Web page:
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Thursday, November 14, 2019
 
 

Where are 'organised' helps?

 

Housemaids should come under an organised workforce
SRAY AGARWAL | Issue Dated: March 31, 2013, India: Status of housemaids
Tags : Housemaids | Domestic help | Minimum wages |
 

Housemaids are in demand everywhere. Supply has also grown at a fast clip, keeping up with rapid urbanisation and migration. However, despite domestic help service being a vital part of ‘home-economics’, no much heed has been paid to organise this sector and safeguard the interests of workers.

Countries in Latin America, the Caribbeans and Africa have included domestic workers under ‘general workers’ category. This way they have brought them under legislation that promises equal rights, bonuses, weekly-offs, and minimum wage rates. For instance, in Brazil, domestic workers are hired through registered contracts and enjoy minimum wages, paid-leaves, weekly offs and come under the purview of legislation meant for conventional workers. However, such a move is still due in India. They are still not considered as ‘waged workers’; in fact, they are degraded as mere servants (read: slaves). In Hong Kong, Fei Yeung is the term used to represent this particular class of workers.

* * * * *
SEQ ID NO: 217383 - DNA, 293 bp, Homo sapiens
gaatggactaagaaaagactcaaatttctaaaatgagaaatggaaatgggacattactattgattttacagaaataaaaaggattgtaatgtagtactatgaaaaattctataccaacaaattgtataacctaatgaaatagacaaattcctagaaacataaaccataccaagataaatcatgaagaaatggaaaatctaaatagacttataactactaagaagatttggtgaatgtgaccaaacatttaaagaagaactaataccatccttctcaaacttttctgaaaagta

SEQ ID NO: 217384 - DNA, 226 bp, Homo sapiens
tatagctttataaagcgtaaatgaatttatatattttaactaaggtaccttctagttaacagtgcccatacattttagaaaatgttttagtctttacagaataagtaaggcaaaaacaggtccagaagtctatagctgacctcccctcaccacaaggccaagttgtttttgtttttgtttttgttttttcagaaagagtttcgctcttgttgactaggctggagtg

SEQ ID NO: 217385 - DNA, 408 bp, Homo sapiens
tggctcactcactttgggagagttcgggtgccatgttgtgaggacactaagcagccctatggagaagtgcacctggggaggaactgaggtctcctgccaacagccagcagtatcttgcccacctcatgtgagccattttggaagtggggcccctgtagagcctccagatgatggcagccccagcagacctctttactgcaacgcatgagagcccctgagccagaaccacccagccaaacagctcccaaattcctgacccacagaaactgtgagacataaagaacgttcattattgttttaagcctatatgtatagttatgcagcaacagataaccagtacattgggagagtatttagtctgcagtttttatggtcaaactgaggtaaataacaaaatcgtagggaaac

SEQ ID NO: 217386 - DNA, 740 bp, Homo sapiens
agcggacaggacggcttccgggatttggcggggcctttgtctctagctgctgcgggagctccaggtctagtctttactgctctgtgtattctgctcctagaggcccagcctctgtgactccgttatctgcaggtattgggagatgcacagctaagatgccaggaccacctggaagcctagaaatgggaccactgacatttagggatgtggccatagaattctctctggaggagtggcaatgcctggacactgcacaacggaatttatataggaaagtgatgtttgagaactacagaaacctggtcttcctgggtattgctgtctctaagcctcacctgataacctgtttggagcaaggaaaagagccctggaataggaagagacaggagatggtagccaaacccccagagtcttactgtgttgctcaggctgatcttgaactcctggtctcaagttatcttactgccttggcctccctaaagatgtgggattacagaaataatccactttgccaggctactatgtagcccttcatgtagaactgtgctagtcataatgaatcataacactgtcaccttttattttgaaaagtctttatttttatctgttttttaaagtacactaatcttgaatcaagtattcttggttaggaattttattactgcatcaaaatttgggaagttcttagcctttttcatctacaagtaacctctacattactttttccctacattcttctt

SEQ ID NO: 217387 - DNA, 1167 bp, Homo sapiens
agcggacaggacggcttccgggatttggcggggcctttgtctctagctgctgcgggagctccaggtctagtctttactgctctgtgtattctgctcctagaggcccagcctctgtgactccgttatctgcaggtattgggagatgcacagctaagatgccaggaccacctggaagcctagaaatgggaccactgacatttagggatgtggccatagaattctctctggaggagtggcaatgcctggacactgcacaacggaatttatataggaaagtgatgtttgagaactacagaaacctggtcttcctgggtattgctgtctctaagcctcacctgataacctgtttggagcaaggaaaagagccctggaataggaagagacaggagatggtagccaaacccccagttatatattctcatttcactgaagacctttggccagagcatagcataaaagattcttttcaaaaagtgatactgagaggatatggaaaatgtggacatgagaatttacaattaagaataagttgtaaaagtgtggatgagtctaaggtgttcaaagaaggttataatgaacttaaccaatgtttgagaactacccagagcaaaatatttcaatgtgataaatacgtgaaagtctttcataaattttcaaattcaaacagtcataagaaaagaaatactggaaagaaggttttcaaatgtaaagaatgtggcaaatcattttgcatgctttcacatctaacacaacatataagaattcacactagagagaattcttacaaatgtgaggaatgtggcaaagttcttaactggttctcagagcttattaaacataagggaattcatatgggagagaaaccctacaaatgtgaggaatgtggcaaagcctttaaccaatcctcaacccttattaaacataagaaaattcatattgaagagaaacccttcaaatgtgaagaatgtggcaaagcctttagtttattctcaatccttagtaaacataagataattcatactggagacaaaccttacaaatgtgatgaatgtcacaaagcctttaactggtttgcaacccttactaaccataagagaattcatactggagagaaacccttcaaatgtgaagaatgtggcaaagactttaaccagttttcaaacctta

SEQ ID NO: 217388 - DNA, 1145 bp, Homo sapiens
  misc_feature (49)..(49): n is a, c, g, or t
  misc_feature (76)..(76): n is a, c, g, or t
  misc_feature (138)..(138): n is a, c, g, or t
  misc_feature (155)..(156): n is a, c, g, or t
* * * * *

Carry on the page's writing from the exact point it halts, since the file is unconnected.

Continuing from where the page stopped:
Leave aside providing these workers with legislation that would make their life easier and recognise the value of their work in National Accounting, domestic workers are not even covered for prevention of exploitation of migrant workers and under the Protection of Women Against Sexual Harassment at Workplace Bill, 2010! However, a few states (like Maharashtra and Tamil Nadu) have framed policies to address the grievances of housemaids, but no such laws are available at the national level. Some other states like Kerala, Andhra Pradesh, and Rajasthan have enacted the Minimum Wage Act For Domestic Workers to protect their rights for a minimum pay and for maintaining their dignity.

With a formidable 14.4% of Indian working women in this profession, structuring initiatives are the need of the hour. Their voice is weak because they are mostly uneducated. Women’s Rights groups should take up their cause as a priority. That would be a great help. 
 

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Issue Dated: Feb 5, 2017